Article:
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Jim Greenwood, the man who made "Learjet" a household name, dies at 91

Jim Greenwood, a former public relations director for Bill Lear who helped make the name “Learjet” a household word, died Friday in Green Valley, Ariz. Greenwood was inducted into the Kansas Hall of Aviation in 2004.

“He wrote the book … on how do you promote business aviation, how do you sell business aviation, how do you communicate about business aviation,” said Al Higdon, a lifelong friend who worked with Greenwood at Beech and Learjet. “He did that from the 50s to the 80s.”

Greenwood had friends in all levels of the business jet industry — from CEOs to those who worked on the shop floor, Higdon said.

“He knew the industry inside and out,” Higdon said. “He loved it, and he always did what was best for the industry at the time.”

Greenwood came to Wichita in 1955 to become manager of press relations for Beech Aircraft Corp., and worked closely with Olive Ann Beech and Frank Hedrick.  In 1964, he moved across town to work with Bill Lear at the Lear Jet Corp. There, his writing helped make the Learjet the most popular business jet of the 1960s, according to information from the Kansas Aviation Hall of Fame.

In 1970, he left to join the Federal Aviation Administration in Washington as its director of public affairs. He later returned to Gates Learjet. Along the way, Greenwood met a variety of celebrities such as James Coburn, Arthur Godfrey and Johnny Carson. Greenwood developed business jet safety seminars and humanitarian projects using the Learjet. He retired in 1985 as senior vice president of corporate affairs at Gates Learjet.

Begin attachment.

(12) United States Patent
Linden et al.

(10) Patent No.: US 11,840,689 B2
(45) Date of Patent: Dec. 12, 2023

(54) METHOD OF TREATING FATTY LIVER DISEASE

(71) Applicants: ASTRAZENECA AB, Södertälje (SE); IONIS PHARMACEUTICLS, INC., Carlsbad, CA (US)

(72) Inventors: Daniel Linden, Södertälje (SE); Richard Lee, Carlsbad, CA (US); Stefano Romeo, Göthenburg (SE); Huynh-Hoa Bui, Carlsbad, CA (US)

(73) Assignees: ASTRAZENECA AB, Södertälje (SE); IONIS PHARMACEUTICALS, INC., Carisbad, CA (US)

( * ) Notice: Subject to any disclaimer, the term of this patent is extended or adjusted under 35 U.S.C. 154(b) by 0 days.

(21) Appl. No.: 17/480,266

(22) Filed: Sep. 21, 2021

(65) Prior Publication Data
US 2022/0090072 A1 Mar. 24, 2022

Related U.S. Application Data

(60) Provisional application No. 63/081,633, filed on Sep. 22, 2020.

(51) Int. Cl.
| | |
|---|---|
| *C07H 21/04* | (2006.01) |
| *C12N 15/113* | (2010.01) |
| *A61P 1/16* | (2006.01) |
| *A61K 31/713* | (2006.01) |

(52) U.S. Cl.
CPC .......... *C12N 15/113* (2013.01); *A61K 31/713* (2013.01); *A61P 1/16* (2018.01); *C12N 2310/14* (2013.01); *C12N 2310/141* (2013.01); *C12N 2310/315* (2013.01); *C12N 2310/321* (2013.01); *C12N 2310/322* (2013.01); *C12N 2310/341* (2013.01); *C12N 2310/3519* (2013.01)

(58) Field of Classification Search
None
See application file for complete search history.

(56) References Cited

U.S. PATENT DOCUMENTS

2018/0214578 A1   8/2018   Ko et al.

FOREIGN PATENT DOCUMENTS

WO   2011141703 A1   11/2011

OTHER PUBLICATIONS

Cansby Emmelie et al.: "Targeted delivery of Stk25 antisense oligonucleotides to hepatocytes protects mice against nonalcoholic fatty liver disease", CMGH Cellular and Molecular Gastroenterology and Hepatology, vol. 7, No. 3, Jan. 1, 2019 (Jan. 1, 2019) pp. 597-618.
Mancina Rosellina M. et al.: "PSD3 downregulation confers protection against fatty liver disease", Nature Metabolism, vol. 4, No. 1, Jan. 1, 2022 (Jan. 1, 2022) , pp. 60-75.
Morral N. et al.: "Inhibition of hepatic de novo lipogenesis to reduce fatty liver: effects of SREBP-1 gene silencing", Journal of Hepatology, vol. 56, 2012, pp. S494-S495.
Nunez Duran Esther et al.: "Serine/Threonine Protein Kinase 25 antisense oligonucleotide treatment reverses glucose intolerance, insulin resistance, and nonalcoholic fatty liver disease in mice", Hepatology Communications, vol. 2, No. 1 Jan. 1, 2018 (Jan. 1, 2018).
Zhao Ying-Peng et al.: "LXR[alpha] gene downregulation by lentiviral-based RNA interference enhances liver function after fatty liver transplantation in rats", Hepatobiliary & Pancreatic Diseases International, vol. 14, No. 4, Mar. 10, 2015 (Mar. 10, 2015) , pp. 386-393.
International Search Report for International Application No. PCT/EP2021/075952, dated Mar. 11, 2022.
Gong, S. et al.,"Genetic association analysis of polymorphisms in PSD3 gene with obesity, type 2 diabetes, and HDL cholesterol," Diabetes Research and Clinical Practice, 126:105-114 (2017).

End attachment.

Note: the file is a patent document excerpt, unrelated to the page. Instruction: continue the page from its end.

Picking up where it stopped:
Greenwood was born in 1920 in Washington, D.C., and began flying at age 16. He joined the Navy a week after Pearl Harbor, serving as a parachute rigger and helping develop emergency parachute equipment.  After the Navy, Greenwood worked for a commercial parachute service in Alexandria, Va. He then began a writing career, working as a journalist for the local newspaper. He also wrote three books, “Parachuting for Sport,” “The Parachute: From Balloons to Skydiving,” and “Stunt Flying in the Movies.”

A memorial service for Greenwood will be held in the spring of 2012, Higdon said. A date has not been set.